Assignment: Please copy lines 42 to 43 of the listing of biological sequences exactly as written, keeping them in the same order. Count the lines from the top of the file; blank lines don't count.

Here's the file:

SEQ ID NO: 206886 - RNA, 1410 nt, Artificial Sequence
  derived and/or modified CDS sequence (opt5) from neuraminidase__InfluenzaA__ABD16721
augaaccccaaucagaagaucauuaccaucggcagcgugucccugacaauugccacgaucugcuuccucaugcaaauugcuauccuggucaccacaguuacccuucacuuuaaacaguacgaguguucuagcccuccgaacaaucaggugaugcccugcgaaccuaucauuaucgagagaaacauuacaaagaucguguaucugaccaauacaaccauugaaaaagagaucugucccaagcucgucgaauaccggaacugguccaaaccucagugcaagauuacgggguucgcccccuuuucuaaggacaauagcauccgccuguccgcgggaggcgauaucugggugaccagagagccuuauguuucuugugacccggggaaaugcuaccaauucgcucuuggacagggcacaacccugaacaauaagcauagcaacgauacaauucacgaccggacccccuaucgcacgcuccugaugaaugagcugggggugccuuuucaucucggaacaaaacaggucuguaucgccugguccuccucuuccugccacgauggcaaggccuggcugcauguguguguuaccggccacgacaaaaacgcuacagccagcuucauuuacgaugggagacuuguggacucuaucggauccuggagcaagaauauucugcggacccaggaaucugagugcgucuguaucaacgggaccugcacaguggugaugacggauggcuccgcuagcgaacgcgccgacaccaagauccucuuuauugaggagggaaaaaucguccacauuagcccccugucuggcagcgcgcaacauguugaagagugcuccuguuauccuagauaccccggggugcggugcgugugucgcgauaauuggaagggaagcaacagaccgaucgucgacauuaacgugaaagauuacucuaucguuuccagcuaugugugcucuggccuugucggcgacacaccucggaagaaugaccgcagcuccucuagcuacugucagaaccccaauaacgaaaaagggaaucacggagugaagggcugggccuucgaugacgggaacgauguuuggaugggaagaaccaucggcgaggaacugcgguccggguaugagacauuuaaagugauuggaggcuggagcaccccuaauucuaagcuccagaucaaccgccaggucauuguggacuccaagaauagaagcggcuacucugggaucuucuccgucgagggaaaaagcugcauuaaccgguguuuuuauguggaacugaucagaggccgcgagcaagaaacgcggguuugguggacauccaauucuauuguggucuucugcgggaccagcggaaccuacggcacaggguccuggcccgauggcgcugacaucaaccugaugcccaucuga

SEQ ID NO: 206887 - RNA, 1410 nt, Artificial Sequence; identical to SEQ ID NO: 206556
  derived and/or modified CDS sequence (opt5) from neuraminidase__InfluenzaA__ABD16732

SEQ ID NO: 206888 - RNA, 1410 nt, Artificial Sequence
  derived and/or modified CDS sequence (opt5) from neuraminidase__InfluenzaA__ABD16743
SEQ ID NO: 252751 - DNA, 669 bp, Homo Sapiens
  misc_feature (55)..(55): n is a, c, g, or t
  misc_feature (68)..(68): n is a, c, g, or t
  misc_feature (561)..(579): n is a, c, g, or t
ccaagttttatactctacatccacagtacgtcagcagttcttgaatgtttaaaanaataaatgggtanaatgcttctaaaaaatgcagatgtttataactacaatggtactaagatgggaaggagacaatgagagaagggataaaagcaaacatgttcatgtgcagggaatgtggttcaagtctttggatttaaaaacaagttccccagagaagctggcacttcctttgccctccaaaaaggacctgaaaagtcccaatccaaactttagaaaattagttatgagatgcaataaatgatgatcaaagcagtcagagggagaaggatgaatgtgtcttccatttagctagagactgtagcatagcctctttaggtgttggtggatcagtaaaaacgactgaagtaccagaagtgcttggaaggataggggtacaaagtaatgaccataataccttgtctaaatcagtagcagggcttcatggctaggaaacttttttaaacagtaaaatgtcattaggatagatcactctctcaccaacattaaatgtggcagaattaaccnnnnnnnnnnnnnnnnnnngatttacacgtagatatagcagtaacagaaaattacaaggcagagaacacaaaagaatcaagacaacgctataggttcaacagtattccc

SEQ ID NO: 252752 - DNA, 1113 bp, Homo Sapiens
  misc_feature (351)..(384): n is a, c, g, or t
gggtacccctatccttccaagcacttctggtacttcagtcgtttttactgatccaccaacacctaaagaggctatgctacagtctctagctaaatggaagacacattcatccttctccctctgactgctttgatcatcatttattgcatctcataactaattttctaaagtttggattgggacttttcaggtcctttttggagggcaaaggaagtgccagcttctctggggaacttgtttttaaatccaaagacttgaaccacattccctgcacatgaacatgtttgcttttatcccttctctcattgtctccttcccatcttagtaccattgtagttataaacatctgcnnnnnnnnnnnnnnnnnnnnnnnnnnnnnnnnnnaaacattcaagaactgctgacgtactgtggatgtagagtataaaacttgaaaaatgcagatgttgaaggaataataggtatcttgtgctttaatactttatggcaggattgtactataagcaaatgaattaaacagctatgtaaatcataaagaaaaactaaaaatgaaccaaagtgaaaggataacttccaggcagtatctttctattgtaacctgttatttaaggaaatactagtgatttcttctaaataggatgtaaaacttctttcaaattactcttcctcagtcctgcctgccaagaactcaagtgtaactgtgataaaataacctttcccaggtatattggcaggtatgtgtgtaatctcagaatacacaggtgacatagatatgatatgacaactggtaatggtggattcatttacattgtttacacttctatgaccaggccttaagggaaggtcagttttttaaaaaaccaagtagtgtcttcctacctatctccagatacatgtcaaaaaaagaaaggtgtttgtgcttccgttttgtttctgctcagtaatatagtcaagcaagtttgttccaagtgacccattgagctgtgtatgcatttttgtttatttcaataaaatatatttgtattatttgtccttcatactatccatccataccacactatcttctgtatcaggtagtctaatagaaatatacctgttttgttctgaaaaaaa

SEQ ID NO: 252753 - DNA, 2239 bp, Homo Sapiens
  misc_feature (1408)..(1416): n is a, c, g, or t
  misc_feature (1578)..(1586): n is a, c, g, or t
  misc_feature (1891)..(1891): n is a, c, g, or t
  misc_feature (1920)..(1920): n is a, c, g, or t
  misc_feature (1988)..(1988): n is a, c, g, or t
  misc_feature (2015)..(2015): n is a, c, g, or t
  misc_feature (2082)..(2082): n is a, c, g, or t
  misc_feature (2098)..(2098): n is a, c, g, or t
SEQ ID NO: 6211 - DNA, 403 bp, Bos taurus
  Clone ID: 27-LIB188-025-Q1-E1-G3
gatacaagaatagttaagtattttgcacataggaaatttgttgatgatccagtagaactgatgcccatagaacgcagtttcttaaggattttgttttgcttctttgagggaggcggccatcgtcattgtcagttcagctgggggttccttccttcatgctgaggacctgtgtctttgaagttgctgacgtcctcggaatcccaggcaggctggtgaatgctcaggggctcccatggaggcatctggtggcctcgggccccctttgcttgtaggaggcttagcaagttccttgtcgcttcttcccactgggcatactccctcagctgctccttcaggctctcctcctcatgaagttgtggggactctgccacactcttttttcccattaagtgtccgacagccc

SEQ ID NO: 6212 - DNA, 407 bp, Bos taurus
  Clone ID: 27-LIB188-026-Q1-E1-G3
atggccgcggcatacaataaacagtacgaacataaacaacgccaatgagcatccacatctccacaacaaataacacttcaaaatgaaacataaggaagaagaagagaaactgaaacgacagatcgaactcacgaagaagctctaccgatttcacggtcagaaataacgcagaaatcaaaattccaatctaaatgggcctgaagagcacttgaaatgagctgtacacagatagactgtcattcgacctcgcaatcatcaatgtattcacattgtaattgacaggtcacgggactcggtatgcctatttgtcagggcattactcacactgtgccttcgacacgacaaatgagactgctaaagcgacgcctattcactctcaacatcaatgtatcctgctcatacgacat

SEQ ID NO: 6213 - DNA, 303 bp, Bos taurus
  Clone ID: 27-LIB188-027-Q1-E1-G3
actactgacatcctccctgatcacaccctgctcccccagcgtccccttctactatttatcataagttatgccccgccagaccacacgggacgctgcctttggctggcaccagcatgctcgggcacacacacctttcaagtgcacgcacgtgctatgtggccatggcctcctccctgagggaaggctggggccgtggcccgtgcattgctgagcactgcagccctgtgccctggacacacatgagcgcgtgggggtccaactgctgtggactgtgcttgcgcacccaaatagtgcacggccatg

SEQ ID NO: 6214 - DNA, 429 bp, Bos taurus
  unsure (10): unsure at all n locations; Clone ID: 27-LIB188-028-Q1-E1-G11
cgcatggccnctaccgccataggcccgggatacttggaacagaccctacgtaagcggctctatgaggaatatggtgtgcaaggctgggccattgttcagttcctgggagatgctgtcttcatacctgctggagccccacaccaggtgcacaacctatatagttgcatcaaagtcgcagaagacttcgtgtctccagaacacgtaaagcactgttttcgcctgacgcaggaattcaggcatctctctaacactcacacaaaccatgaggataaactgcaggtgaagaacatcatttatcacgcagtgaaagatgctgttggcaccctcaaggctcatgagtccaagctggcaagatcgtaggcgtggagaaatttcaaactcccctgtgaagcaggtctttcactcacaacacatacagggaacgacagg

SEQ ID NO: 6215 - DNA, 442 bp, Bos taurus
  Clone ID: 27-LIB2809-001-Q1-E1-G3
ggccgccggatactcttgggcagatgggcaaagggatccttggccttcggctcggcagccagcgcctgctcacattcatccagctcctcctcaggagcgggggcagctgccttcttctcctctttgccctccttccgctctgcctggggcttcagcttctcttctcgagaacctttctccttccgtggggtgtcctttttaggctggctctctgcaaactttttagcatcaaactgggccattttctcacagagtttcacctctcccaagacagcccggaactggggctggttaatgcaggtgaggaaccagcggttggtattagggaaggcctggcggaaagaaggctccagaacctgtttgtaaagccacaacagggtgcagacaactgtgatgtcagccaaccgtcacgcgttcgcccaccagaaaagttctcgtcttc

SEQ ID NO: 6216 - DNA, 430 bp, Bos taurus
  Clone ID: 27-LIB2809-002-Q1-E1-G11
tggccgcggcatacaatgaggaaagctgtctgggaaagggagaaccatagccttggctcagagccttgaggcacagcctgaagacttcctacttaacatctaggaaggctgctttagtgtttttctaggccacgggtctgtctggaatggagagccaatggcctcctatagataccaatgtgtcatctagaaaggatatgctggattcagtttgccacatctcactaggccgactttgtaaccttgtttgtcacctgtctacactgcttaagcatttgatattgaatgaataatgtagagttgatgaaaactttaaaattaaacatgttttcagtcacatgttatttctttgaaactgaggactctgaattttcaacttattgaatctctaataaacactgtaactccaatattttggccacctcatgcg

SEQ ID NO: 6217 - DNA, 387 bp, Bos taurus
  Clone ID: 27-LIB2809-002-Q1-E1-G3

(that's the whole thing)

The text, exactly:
tggccgcggcatacaatgaggaaagctgtctgggaaagggagaaccatagccttggctcagagccttgaggcacagcctgaagacttcctacttaacatctaggaaggctgctttagtgtttttctaggccacgggtctgtctggaatggagagccaatggcctcctatagataccaatgtgtcatctagaaaggatatgctggattcagtttgccacatctcactaggccgactttgtaaccttgtttgtcacctgtctacactgcttaagcatttgatattgaatgaataatgtagagttgatgaaaactttaaaattaaacatgttttcagtcacatgttatttctttgaaactgaggactctgaattttcaacttattgaatctctaataaacactgtaactccaatattttggccacctcatgcg

SEQ ID NO: 6217 - DNA, 387 bp, Bos taurus